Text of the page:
I'm on vacation this week and it's exhausting of course. But that's not the only reason it's been tough to drink.
I'm in Sedona, Arizona, and that means I'm:
- Doing a lot of driving. I'm the dad driver and there's a ton of road here.
- In a desert. Technically high mesa, with some water, but still. It's dry.
- Not at sea level. I'm hovering around a mile up, spent time at two miles up today.
I figure these are not uncommon to the traveling fathers out there, or really to any traveler. But they aren't conducive to drinking. Altitude alone could rough you up.
Nothing like a big, long hike in dry conditions high on a mountain and that first sip of beer. It's amazing! Like one of those Big Beer commercials where you feel like you're on a rocketship made of ice flying around an ice cavern to get your beer.
I love that sip. It's sip ten where things go askew. You suddenly feel like beef jerky -- that salty forehead feeling spreads and you are leather walking. A headache borne of dehydration begins to form. All you want to do is go to bed. Your feet swell.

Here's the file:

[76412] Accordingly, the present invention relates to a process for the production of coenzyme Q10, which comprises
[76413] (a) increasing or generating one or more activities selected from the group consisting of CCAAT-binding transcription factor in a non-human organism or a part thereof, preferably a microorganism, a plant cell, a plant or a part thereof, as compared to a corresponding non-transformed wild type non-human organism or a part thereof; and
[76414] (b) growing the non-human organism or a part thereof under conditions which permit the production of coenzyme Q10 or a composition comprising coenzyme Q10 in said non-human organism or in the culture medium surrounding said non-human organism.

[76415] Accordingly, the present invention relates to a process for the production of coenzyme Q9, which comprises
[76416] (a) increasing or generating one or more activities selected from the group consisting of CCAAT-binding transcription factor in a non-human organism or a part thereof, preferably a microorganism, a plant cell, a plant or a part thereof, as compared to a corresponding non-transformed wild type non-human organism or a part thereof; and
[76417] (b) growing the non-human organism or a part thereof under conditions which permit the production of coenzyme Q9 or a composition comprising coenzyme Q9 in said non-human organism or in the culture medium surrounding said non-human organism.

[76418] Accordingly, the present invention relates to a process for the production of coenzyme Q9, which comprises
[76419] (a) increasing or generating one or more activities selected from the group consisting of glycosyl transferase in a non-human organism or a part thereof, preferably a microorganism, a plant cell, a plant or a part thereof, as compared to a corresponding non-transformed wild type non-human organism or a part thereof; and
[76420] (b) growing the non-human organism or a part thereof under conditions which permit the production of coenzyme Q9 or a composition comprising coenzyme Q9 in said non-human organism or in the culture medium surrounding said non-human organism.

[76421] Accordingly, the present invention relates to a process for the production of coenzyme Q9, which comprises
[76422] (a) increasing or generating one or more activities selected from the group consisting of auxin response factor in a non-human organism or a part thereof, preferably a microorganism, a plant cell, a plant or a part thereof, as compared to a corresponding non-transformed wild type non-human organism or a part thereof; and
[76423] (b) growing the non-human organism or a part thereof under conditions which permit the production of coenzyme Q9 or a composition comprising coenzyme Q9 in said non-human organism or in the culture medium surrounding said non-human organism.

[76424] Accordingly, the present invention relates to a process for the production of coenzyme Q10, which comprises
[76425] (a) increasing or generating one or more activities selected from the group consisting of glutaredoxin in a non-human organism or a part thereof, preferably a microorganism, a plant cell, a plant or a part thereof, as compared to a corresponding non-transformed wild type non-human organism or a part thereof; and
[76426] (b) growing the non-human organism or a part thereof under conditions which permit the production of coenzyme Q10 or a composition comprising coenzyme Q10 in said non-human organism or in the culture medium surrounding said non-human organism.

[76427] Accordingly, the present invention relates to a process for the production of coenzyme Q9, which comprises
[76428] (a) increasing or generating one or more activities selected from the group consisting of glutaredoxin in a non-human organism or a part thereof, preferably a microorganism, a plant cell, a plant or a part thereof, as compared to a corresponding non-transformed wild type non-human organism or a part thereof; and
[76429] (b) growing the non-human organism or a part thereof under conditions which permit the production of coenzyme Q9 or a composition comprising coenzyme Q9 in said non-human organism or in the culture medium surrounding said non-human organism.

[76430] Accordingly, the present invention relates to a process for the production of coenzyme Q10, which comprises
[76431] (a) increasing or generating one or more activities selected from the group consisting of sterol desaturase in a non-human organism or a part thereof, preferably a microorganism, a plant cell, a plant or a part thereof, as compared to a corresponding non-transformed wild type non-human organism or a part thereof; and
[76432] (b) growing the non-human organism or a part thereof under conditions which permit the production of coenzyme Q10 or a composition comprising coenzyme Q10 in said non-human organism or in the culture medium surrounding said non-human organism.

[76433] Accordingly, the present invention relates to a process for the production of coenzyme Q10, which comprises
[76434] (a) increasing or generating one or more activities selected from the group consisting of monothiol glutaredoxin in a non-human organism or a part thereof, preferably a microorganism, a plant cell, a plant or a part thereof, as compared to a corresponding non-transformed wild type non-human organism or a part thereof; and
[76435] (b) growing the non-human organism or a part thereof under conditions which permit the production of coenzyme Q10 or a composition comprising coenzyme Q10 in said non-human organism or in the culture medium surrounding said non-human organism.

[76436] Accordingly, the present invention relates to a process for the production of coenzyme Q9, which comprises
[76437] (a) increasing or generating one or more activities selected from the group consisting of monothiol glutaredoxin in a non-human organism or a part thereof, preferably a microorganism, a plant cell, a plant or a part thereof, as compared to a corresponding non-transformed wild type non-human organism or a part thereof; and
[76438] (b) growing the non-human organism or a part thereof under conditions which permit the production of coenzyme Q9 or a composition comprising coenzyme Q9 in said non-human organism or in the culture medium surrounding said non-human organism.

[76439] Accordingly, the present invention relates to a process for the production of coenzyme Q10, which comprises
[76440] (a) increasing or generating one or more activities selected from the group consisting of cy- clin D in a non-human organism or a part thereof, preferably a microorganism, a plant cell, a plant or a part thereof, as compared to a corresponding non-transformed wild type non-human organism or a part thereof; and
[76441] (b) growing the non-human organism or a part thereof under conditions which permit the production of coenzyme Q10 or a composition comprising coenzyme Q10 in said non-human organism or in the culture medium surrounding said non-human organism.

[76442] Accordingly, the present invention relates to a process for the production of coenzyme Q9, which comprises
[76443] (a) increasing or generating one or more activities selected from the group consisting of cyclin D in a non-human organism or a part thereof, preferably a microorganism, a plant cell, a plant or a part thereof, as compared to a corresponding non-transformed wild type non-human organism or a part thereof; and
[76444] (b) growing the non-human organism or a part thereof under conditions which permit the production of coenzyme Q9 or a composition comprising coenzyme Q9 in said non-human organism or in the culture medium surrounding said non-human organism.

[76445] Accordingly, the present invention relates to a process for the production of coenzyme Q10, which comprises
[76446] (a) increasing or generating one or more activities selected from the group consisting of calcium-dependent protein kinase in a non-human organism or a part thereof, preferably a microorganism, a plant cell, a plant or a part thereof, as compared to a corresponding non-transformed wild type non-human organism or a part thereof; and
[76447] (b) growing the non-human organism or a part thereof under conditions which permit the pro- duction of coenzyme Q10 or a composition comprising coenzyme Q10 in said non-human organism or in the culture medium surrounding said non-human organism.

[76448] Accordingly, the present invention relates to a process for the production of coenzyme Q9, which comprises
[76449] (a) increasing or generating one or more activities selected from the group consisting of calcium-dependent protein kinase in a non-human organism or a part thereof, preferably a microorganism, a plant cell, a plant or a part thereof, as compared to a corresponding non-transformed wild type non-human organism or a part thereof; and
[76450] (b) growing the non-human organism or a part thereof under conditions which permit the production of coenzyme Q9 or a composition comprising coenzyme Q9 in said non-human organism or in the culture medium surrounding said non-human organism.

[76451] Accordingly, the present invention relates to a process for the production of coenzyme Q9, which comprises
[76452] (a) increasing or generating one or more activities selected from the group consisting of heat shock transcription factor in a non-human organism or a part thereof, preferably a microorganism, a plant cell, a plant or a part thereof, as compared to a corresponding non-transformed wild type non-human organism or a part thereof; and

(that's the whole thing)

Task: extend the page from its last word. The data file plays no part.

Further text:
I know, in my brain, that the answer is water, water, water, and more water. But my brain isn't always driving this train. Especially when I'm exhausted after a full day in the Red Rocks.
So I've had about a beer and a quarter a day while I've been here. And it's not like I've had five beers every four days -- I've left a *ton* of wounded soldiers by the bedside table as I've passed out. Sorry not sorry.
Life is good. There is no problem here. Unless we can somehow create an alcoholic beverage that does not dehydrate, this is our life as active humans.
But wait, that would be super sweet.
The Week in BeerGraphs
I made up for this week last weekend with epic drinking.
Paste ranked the top 50 IPAs, Wiser graphed em up.
Hey! Bring a sour to that next mixed gathering, says Donato.